The importance of holding stable assets can't be overstated in the cryptocurrency market. Stablecoins are a crucial must-hold for crypto investors because they mirror traditional assets, but which stablecoins you hold matters, too. The safest stablecoins include centralized ones like USDT or USDC and overcollateralized ones like DAI—which have all maintained a reliable peg to the US dollar for years. Algorithmic stablecoins are on the opposite end of the spectrum since they aren't any assets backing them, which makes them more likely to de-peg significantly from their target value.

Despite overwhelming investor confidence that stablecoins are the best hedge against cryptocurrency volatility, room for doubt has slowly crept in over the years. First, the world's largest stablecoin issuer Tether has been repeatedly criticized for lacking transparency in financial reports since launching USDT in 2017. More recently, the collapse of Terra's algorithmic stablecoin UST severely shook investor confidence in stablecoins within the crypto space and traditional financial markets.

Stablecoins are unique assets because they combine the utility of a blockchain token with the stability of fiat currencies, thus allowing investors to enter and exit crypto positions safely and effectively. However, being exposed to just one stablecoin is riskier than having allocations in multiple stablecoins that are each backed or issued differently. That's why investors should hold a diverse risk-weighted portfolio of stablecoins to either trade or deploy into yield farming strategies.

Practice self custody

Investors should have a balanced distribution of assets between crypto exchanges and external wallets. Different types of crypto wallets have different risks associated with them, so assets on custodial wallets are exposed to different threats than those held on DeFi wallets. Hardware wallets like Trezor or Ledger are the most secure, but they aren't as good for cryptocurrency trading or selling crypto for fiat as exchanges like Gemini or Coinbase are.



Accounts on centralized crypto exchanges are custodial, which means the private keys to your crypto wallets are in the hands of the exchange. This is alright for most investors, but those who want less exposure to the exchange can take more responsibility for their assets by depositing them into a crypto wallet which they hold the keys for. These days, you can connect to DeFi applications like the NFT marketplace OpenSea or decentralized exchanges like Uniswap right from the Coinbase app, so whether or not you want to keep your assets on an exchange is ultimately up to you.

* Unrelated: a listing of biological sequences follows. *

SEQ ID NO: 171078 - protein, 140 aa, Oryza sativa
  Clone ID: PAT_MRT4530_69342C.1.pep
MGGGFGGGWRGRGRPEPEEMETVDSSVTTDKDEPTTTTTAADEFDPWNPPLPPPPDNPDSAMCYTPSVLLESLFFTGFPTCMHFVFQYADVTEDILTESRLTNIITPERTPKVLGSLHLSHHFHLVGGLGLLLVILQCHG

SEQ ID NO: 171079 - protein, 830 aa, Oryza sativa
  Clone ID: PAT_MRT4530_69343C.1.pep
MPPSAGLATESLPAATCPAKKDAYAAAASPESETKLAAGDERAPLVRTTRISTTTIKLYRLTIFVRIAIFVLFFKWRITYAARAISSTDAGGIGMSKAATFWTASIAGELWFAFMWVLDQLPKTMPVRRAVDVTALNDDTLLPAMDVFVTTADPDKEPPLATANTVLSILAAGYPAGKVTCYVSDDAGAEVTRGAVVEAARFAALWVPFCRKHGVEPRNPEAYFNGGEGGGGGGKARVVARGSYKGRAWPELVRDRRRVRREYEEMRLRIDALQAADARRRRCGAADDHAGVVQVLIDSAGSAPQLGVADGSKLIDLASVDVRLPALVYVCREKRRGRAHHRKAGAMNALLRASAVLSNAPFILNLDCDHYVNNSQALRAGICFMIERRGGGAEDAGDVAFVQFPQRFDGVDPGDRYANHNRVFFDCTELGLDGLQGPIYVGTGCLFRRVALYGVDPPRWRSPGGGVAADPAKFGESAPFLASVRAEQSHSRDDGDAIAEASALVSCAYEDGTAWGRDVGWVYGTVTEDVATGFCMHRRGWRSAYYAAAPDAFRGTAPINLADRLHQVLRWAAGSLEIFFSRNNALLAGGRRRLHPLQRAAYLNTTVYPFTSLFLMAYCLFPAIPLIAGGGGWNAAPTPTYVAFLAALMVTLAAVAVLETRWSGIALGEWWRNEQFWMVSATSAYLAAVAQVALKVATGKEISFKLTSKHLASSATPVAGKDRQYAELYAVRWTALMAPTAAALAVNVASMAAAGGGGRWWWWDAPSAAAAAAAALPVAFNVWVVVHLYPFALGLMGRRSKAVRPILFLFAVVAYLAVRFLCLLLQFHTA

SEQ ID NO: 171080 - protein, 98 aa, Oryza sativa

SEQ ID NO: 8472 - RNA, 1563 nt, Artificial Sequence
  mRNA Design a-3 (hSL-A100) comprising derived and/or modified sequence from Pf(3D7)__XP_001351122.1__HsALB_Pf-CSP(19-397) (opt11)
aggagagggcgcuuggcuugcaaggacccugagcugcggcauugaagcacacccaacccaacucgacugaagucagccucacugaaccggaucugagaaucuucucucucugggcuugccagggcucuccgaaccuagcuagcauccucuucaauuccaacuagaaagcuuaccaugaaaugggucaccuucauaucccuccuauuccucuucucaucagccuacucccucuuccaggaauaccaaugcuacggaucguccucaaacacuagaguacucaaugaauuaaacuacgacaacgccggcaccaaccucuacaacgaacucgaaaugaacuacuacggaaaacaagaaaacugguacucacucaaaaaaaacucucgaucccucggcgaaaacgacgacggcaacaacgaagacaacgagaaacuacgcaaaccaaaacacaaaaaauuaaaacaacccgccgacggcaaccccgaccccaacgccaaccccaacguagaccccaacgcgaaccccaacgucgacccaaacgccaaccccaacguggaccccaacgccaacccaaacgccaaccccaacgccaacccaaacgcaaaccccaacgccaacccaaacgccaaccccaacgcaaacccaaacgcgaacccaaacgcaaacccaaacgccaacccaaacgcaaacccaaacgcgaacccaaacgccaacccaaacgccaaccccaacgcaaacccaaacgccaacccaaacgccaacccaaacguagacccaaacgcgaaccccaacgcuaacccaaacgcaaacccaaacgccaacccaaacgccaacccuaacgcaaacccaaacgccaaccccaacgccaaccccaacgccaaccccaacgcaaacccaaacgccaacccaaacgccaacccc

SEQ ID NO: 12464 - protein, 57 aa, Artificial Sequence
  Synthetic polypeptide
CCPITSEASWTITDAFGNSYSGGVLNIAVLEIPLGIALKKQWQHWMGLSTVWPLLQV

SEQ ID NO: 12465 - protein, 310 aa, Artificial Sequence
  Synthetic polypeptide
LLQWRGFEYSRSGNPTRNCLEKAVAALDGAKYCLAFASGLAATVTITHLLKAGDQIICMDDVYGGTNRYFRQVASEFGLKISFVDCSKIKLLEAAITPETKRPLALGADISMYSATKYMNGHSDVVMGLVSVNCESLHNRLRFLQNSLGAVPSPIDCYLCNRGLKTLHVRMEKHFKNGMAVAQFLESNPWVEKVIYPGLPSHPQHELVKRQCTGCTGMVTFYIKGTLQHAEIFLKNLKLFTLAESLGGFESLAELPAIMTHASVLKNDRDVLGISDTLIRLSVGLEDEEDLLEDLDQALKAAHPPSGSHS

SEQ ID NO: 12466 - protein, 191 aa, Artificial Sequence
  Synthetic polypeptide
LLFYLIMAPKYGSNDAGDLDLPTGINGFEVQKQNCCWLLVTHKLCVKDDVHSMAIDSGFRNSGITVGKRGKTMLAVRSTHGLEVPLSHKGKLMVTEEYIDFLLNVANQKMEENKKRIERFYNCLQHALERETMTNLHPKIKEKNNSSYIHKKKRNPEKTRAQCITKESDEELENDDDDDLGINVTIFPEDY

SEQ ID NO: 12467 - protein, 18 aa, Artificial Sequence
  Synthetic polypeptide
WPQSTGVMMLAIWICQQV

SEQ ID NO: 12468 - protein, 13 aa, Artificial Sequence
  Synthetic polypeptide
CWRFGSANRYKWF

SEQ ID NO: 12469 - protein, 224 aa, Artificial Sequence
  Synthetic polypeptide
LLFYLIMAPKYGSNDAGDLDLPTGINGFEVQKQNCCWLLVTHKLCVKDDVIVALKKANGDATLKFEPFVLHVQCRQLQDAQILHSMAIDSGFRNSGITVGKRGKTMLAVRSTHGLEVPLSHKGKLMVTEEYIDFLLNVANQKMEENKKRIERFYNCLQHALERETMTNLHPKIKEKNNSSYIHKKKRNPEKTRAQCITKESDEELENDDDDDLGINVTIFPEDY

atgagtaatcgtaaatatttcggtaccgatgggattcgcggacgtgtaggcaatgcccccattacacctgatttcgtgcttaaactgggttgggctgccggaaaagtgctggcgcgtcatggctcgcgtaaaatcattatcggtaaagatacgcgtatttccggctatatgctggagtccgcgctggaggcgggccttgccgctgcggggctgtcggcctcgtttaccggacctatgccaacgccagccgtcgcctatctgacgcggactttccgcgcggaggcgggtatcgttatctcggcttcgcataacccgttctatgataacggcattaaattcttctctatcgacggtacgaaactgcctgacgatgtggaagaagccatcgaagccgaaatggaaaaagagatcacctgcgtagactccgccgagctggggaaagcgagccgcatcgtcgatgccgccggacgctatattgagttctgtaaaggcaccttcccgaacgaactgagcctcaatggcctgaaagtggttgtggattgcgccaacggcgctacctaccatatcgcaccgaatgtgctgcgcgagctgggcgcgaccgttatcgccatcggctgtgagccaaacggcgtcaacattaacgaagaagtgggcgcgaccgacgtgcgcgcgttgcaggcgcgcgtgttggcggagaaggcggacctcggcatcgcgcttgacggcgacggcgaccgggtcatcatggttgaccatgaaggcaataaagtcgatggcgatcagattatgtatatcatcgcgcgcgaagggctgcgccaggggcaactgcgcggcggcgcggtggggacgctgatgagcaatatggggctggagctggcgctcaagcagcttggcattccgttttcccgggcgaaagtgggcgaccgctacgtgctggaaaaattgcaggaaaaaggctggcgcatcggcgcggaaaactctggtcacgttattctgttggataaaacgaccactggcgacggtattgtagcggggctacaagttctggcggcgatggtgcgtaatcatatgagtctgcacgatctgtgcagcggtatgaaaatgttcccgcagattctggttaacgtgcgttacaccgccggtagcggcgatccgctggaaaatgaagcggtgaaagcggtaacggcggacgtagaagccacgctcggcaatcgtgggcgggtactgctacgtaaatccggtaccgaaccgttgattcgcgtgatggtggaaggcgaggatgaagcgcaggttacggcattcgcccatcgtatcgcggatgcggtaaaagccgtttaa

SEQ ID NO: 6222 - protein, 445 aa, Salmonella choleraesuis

The main reason a crypto investor would practice self-custody is to manage exposure to risk factors across all platforms. For instance, if your account on an exchange gets hacked or your funds get stolen from the platform, there's no way to recoup your losses since exchanges aren't insured the same way traditional investment accounts are. However, non-custodial wallets can also be hacked, so the best way to manage risk is to spread your assets across several crypto wallets and exchanges.

Be cautious with leverage 

Crypto risk management is probably most difficult for traders engaged in risky strategies like margin or leveraged trading. Leveraged trading is a great way to go long or short on a particular crypto, but it also exposes investors to much greater risk when compared to just holding the crypto itself. This is because leveraging involves using your crypto investment as collateral for a loan to buy more crypto.

Using leverage is one of the riskiest decisions you can make as an investor since it's simply an all-or-nothing gamble on the price action of an asset. If you go long on a crypto investment and it drops below the margin price, then you could get called or lose your entire investment to liquidations. If you go short on a crypto asset and its price goes up, then you could get margin called or be stuck with crypto loans you can't pay back. 

These are both worst-case margin trading scenarios, of course, but they're real possibilities for how a leveraged position could end up. While it's arguably wiser to stay away from margin trading altogether, the risks of doing so can be greatly reduced by closely attending to your positions and not taking on too much leverage. Keeping the margin price far away from the market price may reduce the risk of a margin call, but this bit of crypto risk management wisdom can't save you from the perils of volatile crypto markets.